The bad news

    Research indicates that raised blood sugar levels over a period of years can lead to organ damage, commonly referred to as diabetic complications.

    The good news

    People on the forum here have shown that there is plenty of opportunity to keep blood sugar levels from going too high. It’s a daily task but it’s within our reach and it’s well worth the effort.

    Controlling your carbs

    The info below is primarily aimed at people with type 2 diabetes, however, it may also be of benefit for other types of diabetes as well.

    There are two approaches to controlling your carbs:
    • Reduce your carbohydrate intake
    • Choose ‘better’ carbohydrates
    Reduce your carbohydrates

    A large number of people on this forum have chosen to reduce the amount of carbohydrates they eat as they have found this to be an effective way of improving (lowering) their blood sugar levels.

    The carbohydrates which tend to have the most pronounced effect on blood sugar levels tend to be starchy carbohydrates such as rice, pasta, bread, potatoes and similar root vegetables, flour based products (pastry, cakes, biscuits, battered food etc) and certain fruits.

    Choosing better carbohydrates

    The low glycaemic index diet is often favoured by healthcare professionals but some people with diabetes find that low GI does not help their blood sugar enough and may wish to cut out these foods altogether.

    Read more on carbohydrates and diabetes.

    Over 145,000 people have taken part in the Low Carb Program - a 10 week structured education course that is helping people lose weight and reduce medication dependency by explaining the science behind carbs, insulin and GI.

    Eating what works for you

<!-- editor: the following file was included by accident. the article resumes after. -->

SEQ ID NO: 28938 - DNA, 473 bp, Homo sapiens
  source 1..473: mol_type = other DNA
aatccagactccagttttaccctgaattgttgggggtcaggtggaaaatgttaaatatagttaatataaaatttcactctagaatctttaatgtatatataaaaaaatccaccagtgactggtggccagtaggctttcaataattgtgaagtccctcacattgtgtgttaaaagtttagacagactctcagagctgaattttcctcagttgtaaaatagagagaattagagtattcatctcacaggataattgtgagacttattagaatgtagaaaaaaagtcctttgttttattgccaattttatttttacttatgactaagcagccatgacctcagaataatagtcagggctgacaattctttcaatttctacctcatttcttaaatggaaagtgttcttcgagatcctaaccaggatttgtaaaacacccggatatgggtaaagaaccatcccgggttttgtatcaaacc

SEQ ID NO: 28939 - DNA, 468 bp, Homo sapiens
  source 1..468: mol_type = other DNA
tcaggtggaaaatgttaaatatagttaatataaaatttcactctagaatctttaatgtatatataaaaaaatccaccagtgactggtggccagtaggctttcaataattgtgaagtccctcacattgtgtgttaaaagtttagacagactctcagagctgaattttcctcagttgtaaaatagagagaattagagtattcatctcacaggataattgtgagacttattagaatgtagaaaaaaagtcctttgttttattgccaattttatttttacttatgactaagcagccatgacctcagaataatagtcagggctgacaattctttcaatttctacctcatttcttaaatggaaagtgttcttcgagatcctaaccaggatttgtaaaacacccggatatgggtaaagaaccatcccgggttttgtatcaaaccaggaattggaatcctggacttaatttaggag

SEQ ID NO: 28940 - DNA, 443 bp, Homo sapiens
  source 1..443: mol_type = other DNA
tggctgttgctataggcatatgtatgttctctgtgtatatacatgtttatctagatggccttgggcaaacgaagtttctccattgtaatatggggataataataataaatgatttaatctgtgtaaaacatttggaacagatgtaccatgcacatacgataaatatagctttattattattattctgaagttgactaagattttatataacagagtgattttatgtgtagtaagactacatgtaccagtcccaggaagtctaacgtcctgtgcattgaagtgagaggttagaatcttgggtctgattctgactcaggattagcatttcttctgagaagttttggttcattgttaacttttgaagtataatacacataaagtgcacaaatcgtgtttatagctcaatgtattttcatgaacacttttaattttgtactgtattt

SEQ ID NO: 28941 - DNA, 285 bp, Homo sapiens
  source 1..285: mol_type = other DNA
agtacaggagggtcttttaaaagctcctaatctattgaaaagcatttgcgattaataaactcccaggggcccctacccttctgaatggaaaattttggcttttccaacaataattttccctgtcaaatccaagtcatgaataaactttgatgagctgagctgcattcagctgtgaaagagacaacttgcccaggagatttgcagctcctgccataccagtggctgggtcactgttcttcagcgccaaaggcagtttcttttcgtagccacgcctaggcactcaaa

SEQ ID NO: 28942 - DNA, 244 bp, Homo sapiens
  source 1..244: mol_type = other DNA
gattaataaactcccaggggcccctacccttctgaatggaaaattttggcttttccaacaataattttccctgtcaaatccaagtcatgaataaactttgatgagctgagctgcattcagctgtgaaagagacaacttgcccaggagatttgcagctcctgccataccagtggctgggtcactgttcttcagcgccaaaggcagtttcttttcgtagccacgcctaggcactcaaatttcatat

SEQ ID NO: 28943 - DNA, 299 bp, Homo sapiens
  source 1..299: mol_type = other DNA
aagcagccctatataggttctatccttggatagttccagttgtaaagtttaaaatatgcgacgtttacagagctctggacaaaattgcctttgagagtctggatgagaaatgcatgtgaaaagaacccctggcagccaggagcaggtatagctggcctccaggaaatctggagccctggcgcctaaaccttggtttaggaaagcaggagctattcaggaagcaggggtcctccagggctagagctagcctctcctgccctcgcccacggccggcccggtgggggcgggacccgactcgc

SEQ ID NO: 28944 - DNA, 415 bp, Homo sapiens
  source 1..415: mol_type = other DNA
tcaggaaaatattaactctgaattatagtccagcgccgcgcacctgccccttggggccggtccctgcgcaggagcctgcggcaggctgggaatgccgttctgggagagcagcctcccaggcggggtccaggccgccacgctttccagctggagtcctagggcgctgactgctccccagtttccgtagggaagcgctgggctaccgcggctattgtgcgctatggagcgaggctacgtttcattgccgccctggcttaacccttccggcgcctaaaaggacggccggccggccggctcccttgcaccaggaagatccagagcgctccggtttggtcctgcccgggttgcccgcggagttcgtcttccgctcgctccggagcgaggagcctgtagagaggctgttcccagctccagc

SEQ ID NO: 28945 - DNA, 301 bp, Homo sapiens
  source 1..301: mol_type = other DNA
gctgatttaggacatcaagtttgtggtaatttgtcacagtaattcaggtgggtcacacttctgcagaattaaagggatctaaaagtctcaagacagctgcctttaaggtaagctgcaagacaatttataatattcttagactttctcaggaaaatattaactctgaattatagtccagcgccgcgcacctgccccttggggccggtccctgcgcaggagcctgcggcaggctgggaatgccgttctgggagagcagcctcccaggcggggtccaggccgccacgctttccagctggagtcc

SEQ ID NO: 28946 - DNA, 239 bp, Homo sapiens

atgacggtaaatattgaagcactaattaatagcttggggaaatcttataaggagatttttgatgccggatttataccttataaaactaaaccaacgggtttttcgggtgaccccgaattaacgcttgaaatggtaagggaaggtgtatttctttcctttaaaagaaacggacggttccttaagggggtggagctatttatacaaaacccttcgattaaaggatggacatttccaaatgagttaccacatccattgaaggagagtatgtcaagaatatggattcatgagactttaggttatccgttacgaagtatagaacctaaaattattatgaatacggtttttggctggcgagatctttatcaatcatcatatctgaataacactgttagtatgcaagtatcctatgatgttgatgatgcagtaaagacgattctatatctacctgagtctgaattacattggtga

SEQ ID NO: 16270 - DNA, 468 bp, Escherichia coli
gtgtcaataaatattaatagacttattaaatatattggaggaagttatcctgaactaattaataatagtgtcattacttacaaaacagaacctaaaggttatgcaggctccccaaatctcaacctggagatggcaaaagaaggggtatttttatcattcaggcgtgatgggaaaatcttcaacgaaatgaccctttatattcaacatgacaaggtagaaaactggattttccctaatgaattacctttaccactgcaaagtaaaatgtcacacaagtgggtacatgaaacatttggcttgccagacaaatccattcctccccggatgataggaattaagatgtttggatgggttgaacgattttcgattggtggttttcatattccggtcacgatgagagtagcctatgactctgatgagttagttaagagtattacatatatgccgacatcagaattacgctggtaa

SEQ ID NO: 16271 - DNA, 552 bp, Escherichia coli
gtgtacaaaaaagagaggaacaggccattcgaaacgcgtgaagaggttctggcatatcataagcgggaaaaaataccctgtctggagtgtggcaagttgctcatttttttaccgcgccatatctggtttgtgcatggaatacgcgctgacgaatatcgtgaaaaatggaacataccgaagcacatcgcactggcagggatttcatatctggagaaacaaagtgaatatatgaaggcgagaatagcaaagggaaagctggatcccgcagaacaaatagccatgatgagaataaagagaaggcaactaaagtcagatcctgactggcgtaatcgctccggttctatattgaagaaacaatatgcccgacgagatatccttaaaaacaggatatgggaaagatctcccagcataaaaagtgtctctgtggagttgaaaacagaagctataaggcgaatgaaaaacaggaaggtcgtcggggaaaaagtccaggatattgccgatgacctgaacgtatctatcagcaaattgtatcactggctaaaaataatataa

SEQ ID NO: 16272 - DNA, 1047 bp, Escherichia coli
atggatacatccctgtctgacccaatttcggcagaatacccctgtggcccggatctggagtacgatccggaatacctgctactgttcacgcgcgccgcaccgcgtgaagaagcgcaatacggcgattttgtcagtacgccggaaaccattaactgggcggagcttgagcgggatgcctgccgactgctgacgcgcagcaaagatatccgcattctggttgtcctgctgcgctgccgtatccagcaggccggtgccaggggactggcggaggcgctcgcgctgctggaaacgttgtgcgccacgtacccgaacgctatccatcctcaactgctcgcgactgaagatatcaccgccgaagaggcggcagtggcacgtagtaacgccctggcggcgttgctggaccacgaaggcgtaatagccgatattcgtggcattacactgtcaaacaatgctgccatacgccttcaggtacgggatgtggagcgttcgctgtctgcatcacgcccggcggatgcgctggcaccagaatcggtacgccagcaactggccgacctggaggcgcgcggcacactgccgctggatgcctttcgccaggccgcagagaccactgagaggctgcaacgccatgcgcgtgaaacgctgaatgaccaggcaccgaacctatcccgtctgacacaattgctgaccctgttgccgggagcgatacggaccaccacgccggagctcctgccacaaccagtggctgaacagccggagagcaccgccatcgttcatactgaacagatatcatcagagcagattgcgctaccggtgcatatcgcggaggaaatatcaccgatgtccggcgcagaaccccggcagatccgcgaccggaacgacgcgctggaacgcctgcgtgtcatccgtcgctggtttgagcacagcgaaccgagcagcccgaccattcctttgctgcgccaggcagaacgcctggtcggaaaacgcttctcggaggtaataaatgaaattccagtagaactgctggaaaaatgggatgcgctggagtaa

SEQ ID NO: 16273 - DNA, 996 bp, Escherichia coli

Different people respond differently to different types of food. What works for one person may not work so well for another. The best way to see which foods are working for you is to test your blood sugar with a glucose meter.

    To be able to see what effect a particular type of food or meal has on your blood sugar is to do a test before the meal and then test after the meal. A test 2 hours after the meal gives a good idea of how your body has reacted to the meal.

    The blood sugar ranges recommended by NICE are as follows:

    Blood glucose ranges for type 2 diabetes
    • Before meals: 4 to 7 mmol/l
    • 2 hours after meals: under 8.5 mmol/l
    Blood glucose ranges for type 1 diabetes (adults)
    • Before meals: 4 to 7 mmol/l
    • 2 hours after meals: under 9 mmol/l
    Blood glucose ranges for type 1 diabetes (children)
    • Before meals: 4 to 8 mmol/l
    • 2 hours after meals: under 10 mmol/l
    However, those that are able to, may wish to keep blood sugar levels below the NICE after meal targets.

    Access to blood glucose test strips

    The NICE guidelines suggest that people newly diagnosed with type 2 diabetes should be offered:
    • structured education to every person and/or their carer at and around the time of diagnosis, with annual reinforcement and review